Park use fee stays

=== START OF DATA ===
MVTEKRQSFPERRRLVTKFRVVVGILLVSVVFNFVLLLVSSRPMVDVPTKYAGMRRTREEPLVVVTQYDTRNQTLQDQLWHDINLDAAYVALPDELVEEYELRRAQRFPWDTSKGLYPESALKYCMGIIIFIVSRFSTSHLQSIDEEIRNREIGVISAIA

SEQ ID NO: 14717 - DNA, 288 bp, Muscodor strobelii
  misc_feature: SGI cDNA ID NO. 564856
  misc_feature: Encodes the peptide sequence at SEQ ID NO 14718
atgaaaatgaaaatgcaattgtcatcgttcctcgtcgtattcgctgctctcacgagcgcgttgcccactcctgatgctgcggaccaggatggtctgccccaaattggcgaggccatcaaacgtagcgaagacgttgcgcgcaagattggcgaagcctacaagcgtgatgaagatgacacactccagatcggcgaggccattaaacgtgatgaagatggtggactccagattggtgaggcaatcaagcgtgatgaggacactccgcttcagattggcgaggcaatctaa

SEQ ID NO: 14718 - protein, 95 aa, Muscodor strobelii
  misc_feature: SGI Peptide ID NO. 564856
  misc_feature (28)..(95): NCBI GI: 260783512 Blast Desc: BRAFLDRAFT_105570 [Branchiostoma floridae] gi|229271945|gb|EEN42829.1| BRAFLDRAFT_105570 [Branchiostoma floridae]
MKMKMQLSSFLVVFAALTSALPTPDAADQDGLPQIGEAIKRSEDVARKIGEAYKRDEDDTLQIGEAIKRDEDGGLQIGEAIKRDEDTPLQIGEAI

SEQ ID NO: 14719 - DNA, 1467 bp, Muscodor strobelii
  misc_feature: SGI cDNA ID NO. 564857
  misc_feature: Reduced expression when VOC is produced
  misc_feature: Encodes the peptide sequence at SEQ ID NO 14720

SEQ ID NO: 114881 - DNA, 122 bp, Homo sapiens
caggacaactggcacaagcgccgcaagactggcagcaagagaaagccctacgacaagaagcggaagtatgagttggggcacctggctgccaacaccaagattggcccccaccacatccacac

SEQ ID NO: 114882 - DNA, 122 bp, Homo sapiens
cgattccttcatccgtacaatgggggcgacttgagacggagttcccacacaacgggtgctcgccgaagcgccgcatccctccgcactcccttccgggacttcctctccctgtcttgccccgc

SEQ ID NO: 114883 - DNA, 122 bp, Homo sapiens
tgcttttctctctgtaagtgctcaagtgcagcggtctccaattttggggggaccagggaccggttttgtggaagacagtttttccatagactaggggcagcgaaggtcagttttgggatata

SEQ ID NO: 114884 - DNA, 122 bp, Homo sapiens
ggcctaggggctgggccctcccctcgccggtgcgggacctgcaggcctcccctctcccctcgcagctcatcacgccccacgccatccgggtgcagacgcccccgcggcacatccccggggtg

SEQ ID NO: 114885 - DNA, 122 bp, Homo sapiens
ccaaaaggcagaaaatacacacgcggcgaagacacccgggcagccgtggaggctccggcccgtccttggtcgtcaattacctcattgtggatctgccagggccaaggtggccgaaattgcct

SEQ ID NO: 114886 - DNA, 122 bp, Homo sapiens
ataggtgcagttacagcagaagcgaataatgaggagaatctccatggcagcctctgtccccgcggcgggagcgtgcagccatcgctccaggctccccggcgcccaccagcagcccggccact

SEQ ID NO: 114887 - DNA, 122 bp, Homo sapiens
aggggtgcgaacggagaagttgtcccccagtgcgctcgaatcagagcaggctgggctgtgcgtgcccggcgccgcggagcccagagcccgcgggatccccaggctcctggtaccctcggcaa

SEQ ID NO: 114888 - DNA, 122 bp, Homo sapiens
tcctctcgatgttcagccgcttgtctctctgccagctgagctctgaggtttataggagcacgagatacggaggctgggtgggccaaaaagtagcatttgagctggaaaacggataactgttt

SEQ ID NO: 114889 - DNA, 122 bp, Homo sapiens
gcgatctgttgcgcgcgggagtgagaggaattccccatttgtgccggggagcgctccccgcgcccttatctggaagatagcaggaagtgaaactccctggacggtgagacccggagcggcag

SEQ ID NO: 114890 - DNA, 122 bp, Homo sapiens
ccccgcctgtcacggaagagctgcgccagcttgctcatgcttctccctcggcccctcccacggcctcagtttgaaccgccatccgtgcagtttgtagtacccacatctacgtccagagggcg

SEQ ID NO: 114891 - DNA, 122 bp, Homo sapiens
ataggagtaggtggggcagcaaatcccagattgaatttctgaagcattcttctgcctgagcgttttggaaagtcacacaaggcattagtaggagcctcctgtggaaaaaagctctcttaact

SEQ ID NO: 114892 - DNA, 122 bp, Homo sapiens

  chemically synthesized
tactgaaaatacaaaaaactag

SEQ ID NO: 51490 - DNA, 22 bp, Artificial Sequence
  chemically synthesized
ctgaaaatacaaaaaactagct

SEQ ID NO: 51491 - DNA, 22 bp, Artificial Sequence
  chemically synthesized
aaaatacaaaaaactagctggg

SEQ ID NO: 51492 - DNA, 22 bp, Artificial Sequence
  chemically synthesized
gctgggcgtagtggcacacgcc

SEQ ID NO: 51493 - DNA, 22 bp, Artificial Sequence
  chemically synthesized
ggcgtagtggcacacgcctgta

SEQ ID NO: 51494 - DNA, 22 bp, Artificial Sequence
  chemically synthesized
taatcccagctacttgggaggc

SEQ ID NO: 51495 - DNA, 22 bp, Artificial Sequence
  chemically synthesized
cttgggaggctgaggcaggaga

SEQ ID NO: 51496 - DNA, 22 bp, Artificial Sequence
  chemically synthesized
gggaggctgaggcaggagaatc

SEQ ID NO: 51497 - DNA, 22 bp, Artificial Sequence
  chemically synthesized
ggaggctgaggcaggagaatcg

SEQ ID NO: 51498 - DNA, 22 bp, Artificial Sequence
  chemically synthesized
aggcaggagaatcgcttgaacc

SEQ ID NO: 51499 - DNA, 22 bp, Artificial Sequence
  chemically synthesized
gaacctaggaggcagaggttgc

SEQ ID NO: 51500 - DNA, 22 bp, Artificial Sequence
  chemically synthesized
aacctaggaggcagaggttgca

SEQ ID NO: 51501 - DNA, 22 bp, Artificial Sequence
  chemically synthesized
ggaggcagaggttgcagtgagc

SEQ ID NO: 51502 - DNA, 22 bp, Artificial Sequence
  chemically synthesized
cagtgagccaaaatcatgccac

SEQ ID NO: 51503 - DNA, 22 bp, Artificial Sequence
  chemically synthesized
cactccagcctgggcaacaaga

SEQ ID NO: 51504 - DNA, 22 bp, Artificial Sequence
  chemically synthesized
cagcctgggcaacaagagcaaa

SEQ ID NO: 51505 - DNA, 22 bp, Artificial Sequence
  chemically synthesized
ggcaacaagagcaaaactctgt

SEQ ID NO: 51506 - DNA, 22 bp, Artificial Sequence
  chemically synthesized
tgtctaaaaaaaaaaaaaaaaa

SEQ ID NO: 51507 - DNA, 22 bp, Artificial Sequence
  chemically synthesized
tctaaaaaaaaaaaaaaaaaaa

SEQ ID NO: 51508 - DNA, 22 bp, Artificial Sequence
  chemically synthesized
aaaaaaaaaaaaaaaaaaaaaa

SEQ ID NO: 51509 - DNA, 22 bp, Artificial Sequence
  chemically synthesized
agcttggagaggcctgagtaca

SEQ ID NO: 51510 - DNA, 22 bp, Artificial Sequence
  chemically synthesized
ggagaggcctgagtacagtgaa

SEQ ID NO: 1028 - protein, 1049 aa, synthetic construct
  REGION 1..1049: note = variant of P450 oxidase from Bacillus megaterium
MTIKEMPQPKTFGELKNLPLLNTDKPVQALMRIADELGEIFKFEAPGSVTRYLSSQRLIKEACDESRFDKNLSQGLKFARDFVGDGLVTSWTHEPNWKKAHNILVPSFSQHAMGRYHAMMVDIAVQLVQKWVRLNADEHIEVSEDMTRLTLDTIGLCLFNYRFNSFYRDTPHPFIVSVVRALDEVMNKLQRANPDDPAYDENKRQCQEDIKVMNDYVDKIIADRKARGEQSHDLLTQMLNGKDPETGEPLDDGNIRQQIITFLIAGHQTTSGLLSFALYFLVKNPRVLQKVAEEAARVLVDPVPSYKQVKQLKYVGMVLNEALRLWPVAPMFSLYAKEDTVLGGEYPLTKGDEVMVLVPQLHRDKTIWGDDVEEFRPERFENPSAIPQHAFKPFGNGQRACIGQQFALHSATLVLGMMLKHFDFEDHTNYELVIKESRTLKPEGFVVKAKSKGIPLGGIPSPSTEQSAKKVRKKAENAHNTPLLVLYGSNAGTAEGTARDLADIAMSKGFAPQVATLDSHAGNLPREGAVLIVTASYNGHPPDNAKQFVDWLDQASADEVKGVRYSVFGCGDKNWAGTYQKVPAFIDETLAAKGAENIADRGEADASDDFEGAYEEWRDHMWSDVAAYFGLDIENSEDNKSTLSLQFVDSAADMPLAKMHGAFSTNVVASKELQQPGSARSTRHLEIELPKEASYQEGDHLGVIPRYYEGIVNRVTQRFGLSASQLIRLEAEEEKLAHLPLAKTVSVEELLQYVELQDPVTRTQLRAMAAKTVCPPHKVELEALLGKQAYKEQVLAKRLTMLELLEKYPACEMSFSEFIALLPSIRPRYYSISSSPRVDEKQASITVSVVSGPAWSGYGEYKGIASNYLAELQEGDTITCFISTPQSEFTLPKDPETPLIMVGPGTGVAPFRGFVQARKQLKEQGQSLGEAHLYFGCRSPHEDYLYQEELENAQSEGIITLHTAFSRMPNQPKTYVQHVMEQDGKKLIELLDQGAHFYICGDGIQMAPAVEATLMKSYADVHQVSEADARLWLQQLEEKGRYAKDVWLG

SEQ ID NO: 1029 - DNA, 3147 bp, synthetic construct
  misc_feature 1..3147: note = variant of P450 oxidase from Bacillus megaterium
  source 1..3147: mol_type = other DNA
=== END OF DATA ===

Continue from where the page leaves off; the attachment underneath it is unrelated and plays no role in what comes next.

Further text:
first_imgU.S. Forest Service officials decided not to repeal Southern California’s Adventure Pass program in the wake of a federal court ruling about forest fees. “The judge’s order does not apply to other High Impact Recreation Areas on the Coronado \, or to any other HIRAs in the National Forest system,” Matt Mathes, USFS spokesman said. The Sept. 5 court decision dismissed two $30 tickets against hiker Chris Wallace, who had not paid the $5 daily use fees required to use the Mount Lemmon area of Arizona’s Coronado National Forest. In his ruling, Judge Charles Pyle decreed that the 2005 Federal Lands Recreation Enhancement Act prohibited the Forest Service from charging visitors to Mount Lemmon who did not use forest facilities or services. The U.S. attorney is appealing the ruling, Mathes said. “In 2004, the Angeles National Forest took in almost three-quarters of a million dollars from sales. We have been using the money to do the things that people have been specifically telling us they have been unhappy about,” he said. “There is a noticeable difference in the way that our trails and campsites are being maintained in California.” [email protected] (626) 578-6300, Ext. 4451160Want local news?Sign up for the Localist and stay informed Something went wrong. Please try again.subscribeCongratulations! You’re all set! AD Quality Auto 360p 720p 1080p Top articles1/5READ MOREThe Christmas Truce of 1914 proved that peace is possibleMany parts of the Angeles, Cleveland, Los Padres and San Bernardino National forests in Southern California require forest users to pay a fee similar to Mount Lemmon’s, called the Adventure Pass, regardless of whether they use Forest Service facilities. The areas requiring fees, known as High Impact Recreation Areas, are designated by the Forest Service as having heavy recreational use and amenities like paved parking lots, restrooms or interpretive signs. Broad stretches of the San Gabriel Mountains require an Adventure Pass – which is displayed on vehicle windshields – for use. “There needs to be some sort of facility there, some sort of recreational enhancement – and that can be a permanent garbage container,” Mathes said. “Somewhere within that area, those facilities exist.” The Adventure Pass program represents a significant revenue source for the Southern California forests, Mathes said. last_img

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